The formal gardens and pleasure grounds to the south of the house assumed their present form in the early C20, when they were remodelled, perhaps by Inigo Thomas, for Dr Sauer. While the south terrace received its architectural form at this time, the late-C19 OS map (1890) indicates that a terrace approximately conforming to the extent of the present terrace was already in existence, while early-C20 photographs published by Country Life (1908) indicate that the lion's-mask wall fountain survives from late-C19 and early-C20 gardens developed by Vincent Robinson around features such as the Ladies' Garden and Bowling Green which already existed when he acquired the property in 1896. The location and age of these features, which were almost entirely swept away by Dr Sauer in the early C20, is not known, although some features may have been contemporary with Nash's remodelling of the house in the early C19. The lake, which was cleared of silt in the early C21, appears to have been constructed in its present form in the early C20 as part of Dr Sauer's scheme, replacing an artificially widened section of the River Brit which is indicated on the late-C19 OS map (1890).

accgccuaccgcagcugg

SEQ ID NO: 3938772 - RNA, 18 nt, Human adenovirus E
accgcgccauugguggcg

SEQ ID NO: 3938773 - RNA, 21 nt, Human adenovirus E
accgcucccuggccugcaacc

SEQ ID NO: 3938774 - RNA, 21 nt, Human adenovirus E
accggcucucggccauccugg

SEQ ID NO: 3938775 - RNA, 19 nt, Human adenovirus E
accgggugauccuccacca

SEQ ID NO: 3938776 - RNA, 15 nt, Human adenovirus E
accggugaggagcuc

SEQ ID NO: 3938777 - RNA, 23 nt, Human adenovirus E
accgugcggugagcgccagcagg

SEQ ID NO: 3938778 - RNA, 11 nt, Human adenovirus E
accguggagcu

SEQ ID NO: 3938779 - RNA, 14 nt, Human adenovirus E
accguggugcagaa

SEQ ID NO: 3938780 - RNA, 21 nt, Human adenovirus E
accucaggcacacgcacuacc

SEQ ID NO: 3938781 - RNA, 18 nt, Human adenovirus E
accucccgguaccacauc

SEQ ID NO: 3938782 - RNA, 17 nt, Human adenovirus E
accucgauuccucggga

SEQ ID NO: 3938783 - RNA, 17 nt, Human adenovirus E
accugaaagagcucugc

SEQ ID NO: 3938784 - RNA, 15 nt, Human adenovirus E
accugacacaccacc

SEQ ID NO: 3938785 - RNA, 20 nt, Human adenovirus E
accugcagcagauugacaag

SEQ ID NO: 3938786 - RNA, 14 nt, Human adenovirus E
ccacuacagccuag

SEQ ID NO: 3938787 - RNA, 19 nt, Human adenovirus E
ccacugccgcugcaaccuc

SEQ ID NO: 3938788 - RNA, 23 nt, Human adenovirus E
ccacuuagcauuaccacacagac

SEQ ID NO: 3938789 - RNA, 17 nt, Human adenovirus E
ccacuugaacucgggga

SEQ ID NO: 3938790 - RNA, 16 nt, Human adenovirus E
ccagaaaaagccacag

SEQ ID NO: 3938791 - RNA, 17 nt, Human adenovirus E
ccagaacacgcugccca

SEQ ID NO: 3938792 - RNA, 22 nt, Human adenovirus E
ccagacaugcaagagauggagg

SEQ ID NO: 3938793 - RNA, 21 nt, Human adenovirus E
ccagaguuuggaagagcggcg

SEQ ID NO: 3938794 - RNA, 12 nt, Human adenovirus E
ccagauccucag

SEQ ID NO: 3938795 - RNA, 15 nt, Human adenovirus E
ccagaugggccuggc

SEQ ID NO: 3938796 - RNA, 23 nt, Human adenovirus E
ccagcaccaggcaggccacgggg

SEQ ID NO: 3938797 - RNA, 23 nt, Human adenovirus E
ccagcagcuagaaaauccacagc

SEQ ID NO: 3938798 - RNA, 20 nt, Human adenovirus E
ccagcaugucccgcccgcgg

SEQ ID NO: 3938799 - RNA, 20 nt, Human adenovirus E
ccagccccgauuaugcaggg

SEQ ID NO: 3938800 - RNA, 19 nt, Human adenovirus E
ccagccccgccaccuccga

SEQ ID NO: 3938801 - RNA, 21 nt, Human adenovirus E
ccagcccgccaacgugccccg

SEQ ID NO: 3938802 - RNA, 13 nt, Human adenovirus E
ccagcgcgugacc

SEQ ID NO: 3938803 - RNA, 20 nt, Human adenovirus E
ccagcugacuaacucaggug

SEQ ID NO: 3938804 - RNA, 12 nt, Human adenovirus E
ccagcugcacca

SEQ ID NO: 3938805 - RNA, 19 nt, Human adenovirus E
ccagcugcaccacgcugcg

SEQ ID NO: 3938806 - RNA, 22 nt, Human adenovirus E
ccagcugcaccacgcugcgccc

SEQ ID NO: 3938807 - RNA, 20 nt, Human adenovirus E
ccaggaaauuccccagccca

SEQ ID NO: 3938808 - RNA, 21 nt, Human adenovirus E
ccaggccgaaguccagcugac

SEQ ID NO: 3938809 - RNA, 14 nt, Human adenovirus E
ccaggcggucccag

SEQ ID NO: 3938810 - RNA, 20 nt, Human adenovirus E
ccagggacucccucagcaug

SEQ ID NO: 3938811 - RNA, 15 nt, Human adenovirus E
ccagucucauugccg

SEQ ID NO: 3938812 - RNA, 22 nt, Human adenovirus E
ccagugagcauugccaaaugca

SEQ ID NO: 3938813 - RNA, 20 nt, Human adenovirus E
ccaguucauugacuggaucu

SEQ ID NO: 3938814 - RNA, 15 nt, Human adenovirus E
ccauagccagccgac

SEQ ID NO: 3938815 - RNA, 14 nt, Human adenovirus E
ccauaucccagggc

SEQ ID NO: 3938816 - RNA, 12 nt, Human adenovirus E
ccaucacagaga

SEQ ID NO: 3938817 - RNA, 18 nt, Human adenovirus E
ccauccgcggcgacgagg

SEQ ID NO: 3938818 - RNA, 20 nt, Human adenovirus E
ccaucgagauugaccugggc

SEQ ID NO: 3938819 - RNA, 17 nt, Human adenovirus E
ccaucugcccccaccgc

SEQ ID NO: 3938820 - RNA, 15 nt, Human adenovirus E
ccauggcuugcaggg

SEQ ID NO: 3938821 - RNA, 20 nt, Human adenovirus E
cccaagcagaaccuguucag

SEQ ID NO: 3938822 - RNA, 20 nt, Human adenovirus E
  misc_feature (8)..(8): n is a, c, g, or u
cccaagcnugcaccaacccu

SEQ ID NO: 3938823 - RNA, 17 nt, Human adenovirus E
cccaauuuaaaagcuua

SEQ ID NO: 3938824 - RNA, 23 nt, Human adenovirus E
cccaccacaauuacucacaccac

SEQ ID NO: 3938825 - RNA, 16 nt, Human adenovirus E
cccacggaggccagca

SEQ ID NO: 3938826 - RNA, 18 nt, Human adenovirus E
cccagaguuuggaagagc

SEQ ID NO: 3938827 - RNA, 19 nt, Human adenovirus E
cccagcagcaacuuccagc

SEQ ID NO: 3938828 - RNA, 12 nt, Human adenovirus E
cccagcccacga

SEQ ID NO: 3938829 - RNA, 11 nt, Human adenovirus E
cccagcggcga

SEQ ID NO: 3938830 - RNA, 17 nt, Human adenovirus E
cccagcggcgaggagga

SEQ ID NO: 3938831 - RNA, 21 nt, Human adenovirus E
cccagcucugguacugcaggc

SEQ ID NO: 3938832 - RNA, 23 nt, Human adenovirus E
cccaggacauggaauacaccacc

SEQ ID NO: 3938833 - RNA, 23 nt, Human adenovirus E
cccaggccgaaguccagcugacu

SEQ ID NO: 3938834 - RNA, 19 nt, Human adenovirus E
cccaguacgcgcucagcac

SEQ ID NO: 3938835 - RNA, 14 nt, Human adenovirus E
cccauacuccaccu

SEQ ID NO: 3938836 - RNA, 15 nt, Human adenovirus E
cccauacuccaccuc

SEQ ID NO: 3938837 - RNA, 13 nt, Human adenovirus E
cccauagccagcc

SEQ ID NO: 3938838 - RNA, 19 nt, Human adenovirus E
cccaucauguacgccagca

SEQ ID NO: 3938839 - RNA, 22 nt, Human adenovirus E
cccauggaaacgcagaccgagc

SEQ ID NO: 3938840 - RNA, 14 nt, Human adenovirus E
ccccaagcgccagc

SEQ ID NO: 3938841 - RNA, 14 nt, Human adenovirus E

To the west of the house, the steep, west-facing slope above the River Brit is terraced with stone retaining walls and has been laid out in the early C21 with lawns and ornamental planting. To the south this area is enclosed from the south lawn by a C19 stone wall which is buttressed at regular intervals by stone piers surmounted by ball finials. Two further formal gardens are situated to the north-east of the house, beyond the stable court and immediately east of the kitchen garden. The Dutch garden is entered from the south through an opening flanked by tall brick piers, and is enclosed to the east by a yew hedge and to the west by the kitchen garden wall. It is laid out with a central lawn and rectangular, stone-edged fountain pool, and square flower beds and perimeter borders. To the north an early-C21 yew hedge separates this area from the Bowling Green, a further rectangular lawn enclosed to the north by an arcaded yew hedge which may correspond to one of the features illustrated in the early-C20 Country Life photographs (1908). An area of informal pleasure ground comprising specimen trees and conifers and ornamental shrubbery extends to the north of the Bowling Green and the kitchen garden. This area is today (2013) overgrown, but corresponds to the 'Shrubbery' shown on the 1896 sale particulars and the late-C19 OS map (1890). A walk leads south-west from this shrubbery, parallel to the River Brit, to reach a footbridge leading to the west bank of the river. Here a further area of informal pleasure ground comprising specimen trees and ornamental shrubbery extends c 200m south-west parallel to the river. This area, known as The Grove, is shown on the 1896 sale particulars and the 1890 OS map. To the north-east of the footbridge, an area of ground formerly planted as an orchard (OS 1890, 1903) contains an C18 brick icehouse (listed Grade II).